Registered Migration Australia
Migration and Refugee Division (MRD):
The Migration and Refugee Division (MRD or MR Division) reviews decisions made by officers of the Department of Immigration and Border Protection to refuse or cancel visas. It also reviews decision relating to approval and cancellation of sponsorship and nomination.
When your visa has been refused by the Department of Immigration and Border Protection (DIBP), you may be able to lodge an application for review with the Administrative Appeals Tribunal (AAT) formely known as the Migration Review Tribunal (MRT). The Administrative Appeals Tribunal (AAT), through the MRD, can consider your case afresh and allow you to present new information to the tribunal.
If the MRD affirms the Department of Immigration and Border Protection (DIBP) refusal decision, you may lodge a request to the Minister for Immigration for intervention in your case or you may lodge an appeal to the Federal Court.
The department conducts regular checks to identify and locate people in the community who have breached their visa conditions or whose visas have expired. We encourage you to contact us to discuss your options as soon as possible. You have a choice; you can do something about your situation now, contact us to find out how.
The Migration and Refugee Division (MRD) process:
If the Department of Immigration and Border Protection (DIBP) refuses an application for a visa, you can ask the Migration and Refugee Division (MRD) and the to review the decision. This includes decisions about:
This process is called ‘making an appeal’. There are strict time limits for making an appeal. Time limits depend on the type of decision and whether you are in immigration detention and the time limit cannot be extended. If you were on a bridging visa while your visa application was being processed it will remain in effect while your case is reviewed by the MRD. If you were on a substantive and it expires while the MRD is reviewing your case, you will be granted a bridging visa to allow you to stay in Australia lawfully while the MRD reviews your case.
Applying to the MRD is not free, there is a cost involved but that cost can be waiver where certain circumstances prevail.
MRD processing times:
While cases are generally allocated in priority and date of lodgement order, cases may from time to time be allocated out of order of lodgement as part of a taskforce or targeted approach.
The MRD process:
Cases vary from case to case, but generally speaking if you make a request to have your case reviewed the following will happen:
The Refugee Review Process:
Decisions which could be reviewed in the former Migration Review Tribunal and Refugee Review Tribunal are now reviewed in the Migration and Refugee Division. The Migration and Refugee Division (MRD or MR Division) reviews decisions made by officers of the Department of Immigration and Border Protection to refuse or cancel visas. This tribunal looks at all the information and makes a fresh decision. The applicant can provide more evidence and the tribunal may hold a hearing.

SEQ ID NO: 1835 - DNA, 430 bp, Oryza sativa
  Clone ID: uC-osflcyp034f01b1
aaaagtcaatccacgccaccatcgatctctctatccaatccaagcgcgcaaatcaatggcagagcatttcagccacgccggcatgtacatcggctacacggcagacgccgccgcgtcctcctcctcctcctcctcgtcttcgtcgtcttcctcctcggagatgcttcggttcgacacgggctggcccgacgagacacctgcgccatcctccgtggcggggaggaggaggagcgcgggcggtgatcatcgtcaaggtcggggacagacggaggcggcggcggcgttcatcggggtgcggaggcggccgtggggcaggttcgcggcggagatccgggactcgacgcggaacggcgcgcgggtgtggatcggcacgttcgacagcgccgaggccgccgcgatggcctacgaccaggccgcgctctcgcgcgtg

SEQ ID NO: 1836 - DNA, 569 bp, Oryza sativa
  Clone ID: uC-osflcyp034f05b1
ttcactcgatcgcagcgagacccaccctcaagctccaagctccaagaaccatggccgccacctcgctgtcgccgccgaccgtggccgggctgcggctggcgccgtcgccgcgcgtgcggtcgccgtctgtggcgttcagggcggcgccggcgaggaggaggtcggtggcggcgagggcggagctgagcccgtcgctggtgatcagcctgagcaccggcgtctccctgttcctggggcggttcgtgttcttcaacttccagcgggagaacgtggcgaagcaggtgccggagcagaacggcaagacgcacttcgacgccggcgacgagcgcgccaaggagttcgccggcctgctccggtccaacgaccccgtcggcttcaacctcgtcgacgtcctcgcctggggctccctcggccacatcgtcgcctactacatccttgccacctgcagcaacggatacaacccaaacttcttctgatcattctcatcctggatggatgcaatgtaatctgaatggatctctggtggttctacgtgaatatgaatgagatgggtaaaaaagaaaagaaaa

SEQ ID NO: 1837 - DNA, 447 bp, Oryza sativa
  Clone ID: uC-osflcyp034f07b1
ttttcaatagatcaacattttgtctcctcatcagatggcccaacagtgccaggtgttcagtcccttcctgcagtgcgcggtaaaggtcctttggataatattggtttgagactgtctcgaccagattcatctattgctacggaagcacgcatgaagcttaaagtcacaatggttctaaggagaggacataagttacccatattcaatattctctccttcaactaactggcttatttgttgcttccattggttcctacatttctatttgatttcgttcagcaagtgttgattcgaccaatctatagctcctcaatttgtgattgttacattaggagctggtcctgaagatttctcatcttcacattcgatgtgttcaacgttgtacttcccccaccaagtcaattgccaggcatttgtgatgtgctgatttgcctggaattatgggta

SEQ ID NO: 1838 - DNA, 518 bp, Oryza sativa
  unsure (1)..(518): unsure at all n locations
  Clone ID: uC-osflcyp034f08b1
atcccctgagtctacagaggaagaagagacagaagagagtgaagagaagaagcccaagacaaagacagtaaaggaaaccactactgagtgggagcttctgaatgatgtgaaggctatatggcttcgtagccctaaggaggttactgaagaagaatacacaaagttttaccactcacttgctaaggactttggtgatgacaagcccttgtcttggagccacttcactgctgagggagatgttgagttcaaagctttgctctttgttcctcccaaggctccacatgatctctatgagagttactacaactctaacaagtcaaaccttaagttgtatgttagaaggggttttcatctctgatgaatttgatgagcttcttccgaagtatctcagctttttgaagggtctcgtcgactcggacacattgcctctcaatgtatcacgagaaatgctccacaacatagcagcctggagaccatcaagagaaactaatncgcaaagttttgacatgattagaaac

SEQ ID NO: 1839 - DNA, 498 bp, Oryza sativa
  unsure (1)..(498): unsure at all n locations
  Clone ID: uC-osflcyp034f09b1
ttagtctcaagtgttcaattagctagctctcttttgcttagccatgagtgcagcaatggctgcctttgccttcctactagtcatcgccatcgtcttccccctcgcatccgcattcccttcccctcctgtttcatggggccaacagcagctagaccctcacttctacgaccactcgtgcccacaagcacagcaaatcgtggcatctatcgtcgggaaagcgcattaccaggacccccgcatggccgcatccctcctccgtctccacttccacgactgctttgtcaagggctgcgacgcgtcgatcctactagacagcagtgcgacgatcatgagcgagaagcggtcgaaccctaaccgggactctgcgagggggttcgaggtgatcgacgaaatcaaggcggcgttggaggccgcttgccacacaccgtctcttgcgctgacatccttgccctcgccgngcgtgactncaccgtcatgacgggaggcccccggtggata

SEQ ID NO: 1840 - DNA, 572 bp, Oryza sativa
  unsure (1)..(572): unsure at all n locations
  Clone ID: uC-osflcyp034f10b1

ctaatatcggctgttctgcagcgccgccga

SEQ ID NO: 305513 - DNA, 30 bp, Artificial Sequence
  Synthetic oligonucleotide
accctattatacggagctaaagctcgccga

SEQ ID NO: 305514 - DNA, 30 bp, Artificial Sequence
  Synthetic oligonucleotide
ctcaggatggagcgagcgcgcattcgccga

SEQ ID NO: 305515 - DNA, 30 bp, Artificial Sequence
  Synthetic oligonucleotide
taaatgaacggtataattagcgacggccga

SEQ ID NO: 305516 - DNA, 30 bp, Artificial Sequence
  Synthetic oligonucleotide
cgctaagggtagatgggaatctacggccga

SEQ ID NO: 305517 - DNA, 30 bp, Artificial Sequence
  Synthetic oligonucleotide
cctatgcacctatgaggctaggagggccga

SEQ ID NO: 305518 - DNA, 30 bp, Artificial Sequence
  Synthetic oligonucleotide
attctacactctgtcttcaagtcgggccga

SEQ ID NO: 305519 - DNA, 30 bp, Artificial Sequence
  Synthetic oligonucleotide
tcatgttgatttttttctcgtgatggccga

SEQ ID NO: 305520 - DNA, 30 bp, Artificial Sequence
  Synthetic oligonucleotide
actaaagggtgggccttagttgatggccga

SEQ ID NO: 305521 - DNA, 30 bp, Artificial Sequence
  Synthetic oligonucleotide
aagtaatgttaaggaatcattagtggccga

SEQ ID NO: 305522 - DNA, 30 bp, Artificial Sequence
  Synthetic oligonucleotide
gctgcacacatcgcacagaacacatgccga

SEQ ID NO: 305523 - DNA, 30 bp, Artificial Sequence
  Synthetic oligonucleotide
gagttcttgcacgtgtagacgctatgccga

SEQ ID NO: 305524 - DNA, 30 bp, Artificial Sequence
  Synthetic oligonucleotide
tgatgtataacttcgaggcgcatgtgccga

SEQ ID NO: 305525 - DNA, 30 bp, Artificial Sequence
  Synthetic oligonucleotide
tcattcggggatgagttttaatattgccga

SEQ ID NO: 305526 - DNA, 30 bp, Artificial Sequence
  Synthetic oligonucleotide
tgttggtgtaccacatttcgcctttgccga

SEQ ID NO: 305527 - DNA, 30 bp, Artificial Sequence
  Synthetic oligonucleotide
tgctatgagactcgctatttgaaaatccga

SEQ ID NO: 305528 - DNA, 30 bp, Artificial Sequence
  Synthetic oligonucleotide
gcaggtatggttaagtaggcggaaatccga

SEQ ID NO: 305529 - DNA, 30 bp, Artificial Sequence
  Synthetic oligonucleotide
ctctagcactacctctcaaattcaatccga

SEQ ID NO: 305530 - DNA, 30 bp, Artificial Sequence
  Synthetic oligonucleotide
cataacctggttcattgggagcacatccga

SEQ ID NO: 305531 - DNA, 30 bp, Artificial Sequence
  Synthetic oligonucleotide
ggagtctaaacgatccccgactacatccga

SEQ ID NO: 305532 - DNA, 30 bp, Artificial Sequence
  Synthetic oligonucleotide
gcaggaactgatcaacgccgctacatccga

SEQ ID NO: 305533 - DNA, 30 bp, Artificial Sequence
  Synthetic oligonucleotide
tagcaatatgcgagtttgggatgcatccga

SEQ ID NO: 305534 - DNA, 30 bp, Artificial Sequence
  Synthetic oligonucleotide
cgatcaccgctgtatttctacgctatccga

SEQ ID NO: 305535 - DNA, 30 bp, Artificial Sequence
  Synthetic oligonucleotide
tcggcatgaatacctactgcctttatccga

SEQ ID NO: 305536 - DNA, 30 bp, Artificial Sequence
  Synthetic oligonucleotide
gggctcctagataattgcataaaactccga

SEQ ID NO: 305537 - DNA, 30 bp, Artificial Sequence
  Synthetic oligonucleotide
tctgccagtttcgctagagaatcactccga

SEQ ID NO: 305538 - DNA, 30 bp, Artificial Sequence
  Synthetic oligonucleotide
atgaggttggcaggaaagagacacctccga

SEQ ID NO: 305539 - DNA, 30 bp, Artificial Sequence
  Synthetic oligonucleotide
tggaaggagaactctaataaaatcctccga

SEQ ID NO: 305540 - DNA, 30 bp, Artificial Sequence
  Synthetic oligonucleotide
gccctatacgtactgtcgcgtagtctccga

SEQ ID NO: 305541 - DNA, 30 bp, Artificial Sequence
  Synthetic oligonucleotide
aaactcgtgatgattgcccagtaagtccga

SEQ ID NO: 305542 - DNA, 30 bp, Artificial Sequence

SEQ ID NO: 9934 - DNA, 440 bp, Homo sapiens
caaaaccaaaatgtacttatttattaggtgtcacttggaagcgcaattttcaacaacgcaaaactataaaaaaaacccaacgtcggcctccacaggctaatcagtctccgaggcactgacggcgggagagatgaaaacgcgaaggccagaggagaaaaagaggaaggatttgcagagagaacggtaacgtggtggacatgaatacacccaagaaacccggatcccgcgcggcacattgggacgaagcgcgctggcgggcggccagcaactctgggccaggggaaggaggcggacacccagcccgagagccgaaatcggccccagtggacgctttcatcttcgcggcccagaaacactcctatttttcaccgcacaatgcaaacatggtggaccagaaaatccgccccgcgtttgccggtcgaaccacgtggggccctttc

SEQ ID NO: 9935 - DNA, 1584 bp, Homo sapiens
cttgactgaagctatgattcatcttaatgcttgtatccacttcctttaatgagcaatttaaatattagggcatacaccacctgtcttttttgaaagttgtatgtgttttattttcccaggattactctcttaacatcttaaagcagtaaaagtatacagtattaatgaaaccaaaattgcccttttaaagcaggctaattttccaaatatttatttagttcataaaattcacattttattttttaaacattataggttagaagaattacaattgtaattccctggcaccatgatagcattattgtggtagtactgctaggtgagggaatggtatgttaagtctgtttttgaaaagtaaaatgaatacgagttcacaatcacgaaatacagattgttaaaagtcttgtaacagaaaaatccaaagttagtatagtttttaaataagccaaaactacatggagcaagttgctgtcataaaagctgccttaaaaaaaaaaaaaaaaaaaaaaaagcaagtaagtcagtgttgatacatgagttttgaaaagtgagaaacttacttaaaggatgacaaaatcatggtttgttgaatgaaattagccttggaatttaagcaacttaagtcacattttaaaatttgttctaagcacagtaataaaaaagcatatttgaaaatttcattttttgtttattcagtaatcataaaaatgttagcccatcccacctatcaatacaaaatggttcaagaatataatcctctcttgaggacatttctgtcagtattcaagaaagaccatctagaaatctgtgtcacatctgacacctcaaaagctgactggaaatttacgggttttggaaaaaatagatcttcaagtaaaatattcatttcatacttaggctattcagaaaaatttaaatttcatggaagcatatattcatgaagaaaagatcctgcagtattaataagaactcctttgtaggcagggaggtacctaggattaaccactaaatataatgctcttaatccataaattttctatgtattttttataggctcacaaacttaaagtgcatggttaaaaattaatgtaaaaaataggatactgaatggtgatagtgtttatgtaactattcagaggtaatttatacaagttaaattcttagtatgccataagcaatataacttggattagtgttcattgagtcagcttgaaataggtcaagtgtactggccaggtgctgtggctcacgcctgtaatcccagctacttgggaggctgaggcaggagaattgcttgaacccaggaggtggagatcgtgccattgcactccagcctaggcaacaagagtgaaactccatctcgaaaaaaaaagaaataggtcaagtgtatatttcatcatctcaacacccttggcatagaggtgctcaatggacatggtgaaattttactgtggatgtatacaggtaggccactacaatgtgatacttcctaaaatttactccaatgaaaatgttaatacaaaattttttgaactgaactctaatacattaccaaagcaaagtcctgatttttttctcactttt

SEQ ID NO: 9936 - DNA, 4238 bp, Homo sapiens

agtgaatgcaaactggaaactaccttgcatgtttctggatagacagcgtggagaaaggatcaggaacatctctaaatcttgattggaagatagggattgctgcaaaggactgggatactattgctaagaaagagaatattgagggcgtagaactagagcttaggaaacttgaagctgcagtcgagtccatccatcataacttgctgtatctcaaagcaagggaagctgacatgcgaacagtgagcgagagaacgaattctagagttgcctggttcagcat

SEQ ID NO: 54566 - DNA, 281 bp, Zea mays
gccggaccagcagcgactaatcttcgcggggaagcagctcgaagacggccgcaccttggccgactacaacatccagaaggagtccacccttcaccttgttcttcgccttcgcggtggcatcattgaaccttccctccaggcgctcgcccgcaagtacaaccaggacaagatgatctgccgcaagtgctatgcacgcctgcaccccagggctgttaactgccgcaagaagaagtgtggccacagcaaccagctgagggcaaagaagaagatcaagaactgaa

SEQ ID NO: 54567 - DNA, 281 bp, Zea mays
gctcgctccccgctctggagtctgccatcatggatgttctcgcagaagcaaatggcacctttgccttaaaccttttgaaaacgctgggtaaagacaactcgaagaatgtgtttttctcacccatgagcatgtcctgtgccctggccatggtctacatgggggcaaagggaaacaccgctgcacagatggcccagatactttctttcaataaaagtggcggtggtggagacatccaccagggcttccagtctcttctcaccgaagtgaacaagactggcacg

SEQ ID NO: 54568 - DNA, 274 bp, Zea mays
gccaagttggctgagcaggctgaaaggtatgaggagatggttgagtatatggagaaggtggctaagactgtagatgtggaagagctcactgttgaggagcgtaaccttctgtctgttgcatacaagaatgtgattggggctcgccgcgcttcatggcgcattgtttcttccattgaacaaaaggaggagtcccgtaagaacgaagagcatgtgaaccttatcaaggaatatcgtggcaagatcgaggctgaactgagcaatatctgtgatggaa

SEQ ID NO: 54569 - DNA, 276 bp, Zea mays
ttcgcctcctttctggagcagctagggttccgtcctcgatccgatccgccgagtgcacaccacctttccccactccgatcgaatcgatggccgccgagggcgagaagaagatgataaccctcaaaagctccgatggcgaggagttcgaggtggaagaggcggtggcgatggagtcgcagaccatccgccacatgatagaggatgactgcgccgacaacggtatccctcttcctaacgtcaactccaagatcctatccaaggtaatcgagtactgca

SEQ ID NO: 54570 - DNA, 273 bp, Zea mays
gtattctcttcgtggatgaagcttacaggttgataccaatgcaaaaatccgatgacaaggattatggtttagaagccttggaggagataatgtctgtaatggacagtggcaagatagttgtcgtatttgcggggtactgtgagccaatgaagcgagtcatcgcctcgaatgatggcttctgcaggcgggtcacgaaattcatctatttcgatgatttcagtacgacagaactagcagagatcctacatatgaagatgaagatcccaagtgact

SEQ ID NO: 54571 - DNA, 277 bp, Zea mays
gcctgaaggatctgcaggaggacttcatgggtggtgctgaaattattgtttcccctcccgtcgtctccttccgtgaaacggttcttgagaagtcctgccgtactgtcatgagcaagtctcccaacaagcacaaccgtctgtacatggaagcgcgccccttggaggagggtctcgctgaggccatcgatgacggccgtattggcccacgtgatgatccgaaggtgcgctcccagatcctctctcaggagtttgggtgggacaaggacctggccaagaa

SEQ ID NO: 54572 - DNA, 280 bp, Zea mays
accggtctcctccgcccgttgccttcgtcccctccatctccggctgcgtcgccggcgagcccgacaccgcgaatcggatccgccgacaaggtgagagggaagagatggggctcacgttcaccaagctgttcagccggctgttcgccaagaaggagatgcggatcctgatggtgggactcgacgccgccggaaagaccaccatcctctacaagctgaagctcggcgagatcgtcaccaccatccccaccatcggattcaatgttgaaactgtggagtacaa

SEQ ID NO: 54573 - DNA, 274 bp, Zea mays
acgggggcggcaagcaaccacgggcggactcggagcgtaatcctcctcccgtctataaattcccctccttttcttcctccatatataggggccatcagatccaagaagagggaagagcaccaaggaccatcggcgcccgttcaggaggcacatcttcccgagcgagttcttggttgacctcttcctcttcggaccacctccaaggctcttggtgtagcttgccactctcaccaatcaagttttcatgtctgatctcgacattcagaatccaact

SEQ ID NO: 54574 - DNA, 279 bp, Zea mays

The tribunal is not required to hold a hearing:
In these last two cases, the tribunal may make a decision on the papers to affirm the primary decision. If the MRD decides the person meets the UN definition of a refugee or the complementary protection criteria, the MRD will refer the application back to the Department.
Contact us to find out more.
The minister for Immigration may intervene in your case where your application for a visa has been refused by the MRD. The Minister for Immigration has powers to personally intervene in your case where either a migration visa or refugee visa has been refused as long as compelling and compassionate circumstances exist.
You may be eligible for Medicare and apply for permission to work.
You may appeal to the Federal Court where a legal error exists after the Migration and Refugee Division (MRD) has affirmed a decision to refuse your visa.
This website is a public resource of general information which is intended, but not promised or guaranteed, to be complete, accurate, and up-to-date. This website is not intended to provide legal advice, and therefore, does not invite or create an attorney-client relationship. Visitors to this website should not act, or refrain from acting, based upon any information available via this website, and should always seek the advice of competent counsel in the relevant jurisdiction. Nothing in this website is to be considered as either creating an attorney-client relationship between the reader and Registered Migration Australia or as rendering legal advice for any specific matter. Readers are responsible for obtaining such advice from their own legal counsel. Registered Migration Australia expressly disclaims any and all liability with regard to actions taken or not taken based upon the content of this website.